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6 Reasons You Need an Estate Plan

Estate Plan
While you can purchase generic papers at an office supply store that will help you draw up your own will, this is not advisable. A will is only one of the several documents that makes up a complete estate plan, and you'll want professional assistance from someone who is knowledgeable on the current laws so that your estate plan is done correctly.

When you're considering your plan for how you want your belongings to be handled, note the following reasons why an estate plan is necessary no matter what your circumstances.

1. Create an Inventory of Your Assets

When you put together your estate plan, you'll need to list all of your assets. When you make this list you have to take a closer look at whether you'll have the money you need throughout retirement. If not, you'll be able to work with the estate planner to come up with ways to grow those assets, as well as reduce any debts that you may have so that they don't take away from your bottom line. 

2. Make Health Care Directives

Besides finances, an estate plan also includes any health care directives you'd like established. Not only will you be able to list what actions your loved ones should take in the event that you are no longer capable of making those decisions, but it also allows you to appoint an individual to make any additional decisions on your behalf. 

3. Provide Care for Loved Ones

If you are caring for aging parents or a special needs individual, you need to have an estate plan so that the care you provided will continue long after you are gone. You'll be able to specify exactly how you want the care to continue. If you have young children, you'll also be able to appoint a guardian for them and someone to be in charge of dispersing their inheritance.

4. Retain Control of Your Finances

Without an estate plan, you have no say in what happens to your money after you're gone. The court will look to the intestacy laws of the state where you resided. The judge will use those laws to determine who receives the assets you left behind.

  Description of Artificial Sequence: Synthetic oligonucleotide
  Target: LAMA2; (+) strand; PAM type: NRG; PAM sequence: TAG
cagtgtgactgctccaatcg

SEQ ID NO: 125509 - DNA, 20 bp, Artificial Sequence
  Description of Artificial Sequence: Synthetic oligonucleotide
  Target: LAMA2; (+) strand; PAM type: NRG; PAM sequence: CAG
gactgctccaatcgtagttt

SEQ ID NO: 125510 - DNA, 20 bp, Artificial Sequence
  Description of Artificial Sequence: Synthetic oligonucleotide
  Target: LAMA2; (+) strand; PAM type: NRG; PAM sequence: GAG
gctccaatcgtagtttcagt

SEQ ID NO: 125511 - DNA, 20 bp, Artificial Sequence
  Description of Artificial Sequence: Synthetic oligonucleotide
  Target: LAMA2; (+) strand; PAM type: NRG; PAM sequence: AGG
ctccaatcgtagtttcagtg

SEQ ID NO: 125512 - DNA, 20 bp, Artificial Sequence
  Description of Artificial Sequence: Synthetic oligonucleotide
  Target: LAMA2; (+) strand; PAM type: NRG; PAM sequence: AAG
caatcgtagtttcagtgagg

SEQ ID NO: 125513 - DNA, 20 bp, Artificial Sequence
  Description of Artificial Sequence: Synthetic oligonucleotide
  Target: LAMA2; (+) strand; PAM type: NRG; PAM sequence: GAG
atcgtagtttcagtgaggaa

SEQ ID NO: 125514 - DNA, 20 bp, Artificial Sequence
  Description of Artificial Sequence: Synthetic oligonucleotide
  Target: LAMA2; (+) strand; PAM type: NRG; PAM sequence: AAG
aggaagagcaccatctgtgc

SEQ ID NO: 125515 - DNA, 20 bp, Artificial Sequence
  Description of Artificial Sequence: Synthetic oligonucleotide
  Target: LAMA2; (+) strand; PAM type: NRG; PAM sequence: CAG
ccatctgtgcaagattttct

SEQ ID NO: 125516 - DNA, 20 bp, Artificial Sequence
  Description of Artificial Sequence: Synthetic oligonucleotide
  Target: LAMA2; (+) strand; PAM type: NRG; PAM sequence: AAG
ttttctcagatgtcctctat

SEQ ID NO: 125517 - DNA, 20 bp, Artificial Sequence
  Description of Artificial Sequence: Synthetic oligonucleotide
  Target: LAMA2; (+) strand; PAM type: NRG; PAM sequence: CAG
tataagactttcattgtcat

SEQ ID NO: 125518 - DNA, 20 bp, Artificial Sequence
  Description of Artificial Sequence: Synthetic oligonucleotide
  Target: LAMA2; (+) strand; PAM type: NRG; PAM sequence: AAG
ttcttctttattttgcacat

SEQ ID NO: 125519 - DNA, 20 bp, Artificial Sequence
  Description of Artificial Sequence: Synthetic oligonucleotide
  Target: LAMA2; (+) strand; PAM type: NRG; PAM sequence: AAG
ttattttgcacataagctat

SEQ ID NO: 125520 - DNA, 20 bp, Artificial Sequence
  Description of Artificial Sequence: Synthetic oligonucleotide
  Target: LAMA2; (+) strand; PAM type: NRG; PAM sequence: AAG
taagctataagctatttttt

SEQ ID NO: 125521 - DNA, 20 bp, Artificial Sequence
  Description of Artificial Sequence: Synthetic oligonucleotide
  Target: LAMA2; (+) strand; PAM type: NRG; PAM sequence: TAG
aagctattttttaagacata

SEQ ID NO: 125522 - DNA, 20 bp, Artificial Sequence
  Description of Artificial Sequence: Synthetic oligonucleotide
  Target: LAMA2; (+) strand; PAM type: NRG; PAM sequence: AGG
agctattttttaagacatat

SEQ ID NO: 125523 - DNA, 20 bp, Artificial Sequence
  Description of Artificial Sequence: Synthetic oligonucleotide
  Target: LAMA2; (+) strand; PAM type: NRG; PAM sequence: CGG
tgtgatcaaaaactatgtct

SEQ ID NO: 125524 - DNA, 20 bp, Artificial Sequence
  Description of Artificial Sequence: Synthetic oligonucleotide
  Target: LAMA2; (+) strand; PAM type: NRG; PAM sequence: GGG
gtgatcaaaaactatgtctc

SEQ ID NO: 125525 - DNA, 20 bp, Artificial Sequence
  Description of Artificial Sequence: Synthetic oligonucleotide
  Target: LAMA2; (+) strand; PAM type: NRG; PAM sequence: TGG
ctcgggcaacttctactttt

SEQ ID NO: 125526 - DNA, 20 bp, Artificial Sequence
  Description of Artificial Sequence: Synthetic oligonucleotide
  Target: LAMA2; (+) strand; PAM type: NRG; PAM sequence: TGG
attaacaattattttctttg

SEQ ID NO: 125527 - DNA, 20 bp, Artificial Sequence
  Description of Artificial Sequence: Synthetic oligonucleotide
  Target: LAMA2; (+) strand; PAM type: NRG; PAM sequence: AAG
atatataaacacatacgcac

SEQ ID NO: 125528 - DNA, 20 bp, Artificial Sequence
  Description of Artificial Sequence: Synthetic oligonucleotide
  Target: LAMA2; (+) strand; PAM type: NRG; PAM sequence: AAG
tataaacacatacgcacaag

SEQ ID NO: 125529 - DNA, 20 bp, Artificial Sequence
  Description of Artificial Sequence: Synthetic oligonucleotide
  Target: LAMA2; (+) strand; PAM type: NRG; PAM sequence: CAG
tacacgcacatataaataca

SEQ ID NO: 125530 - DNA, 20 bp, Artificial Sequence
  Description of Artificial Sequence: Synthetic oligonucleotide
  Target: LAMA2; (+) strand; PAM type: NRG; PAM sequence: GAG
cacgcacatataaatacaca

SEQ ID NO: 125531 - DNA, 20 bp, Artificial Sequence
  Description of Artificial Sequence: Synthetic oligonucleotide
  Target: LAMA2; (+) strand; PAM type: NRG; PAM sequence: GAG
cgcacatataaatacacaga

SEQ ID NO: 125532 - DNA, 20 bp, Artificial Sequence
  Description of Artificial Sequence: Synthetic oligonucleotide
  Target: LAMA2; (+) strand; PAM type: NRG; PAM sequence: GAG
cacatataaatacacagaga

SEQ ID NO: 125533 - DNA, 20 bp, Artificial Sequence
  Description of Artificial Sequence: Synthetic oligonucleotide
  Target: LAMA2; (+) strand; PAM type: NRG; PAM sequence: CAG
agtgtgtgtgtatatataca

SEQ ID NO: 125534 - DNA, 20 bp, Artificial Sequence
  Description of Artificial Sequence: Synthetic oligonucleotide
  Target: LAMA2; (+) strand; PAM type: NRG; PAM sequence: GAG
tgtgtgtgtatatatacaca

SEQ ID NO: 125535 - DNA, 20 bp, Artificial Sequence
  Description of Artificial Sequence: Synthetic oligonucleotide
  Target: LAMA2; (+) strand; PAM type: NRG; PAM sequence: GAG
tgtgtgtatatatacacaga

Instead, create your plan and specifically list who gets what and when so that you keep control. You can even set aside money to be given to your grandchildren when they reach college age.

5. Keep Your Business Running Smoothly

In order to prevent your business from having to temporarily shut down after your passing, you'll need an estate plan. A professional will help you record who you want to take over the daily operations of the business. Your professional will also show you how to cover all the estate taxes so that the IRS doesn't leave the company with a sizable debt. 

6. Handle Your Funeral Arrangements

Another important part of your estate plan should be your final wishes in regards to your funeral. Let your loved ones know everything that is important to you, such as whether you want to donate your organs and whether you'd like to be cremated.

Include where you'd like to be buried and if you'd rather have friends and loved ones donate to a particular charity in lieu of purchasing flowers. Finally, you'll want to ensure enough money has been set aside to cover all of the funeral expenses. 

When you're ready to begin your estate plan, contact Wright, Ward, Hatten & Guel, PLLC . In addition to estate and trust planning, our professionals are ready to assist customers with everything from tax management to payroll and bookkeeping services for your business.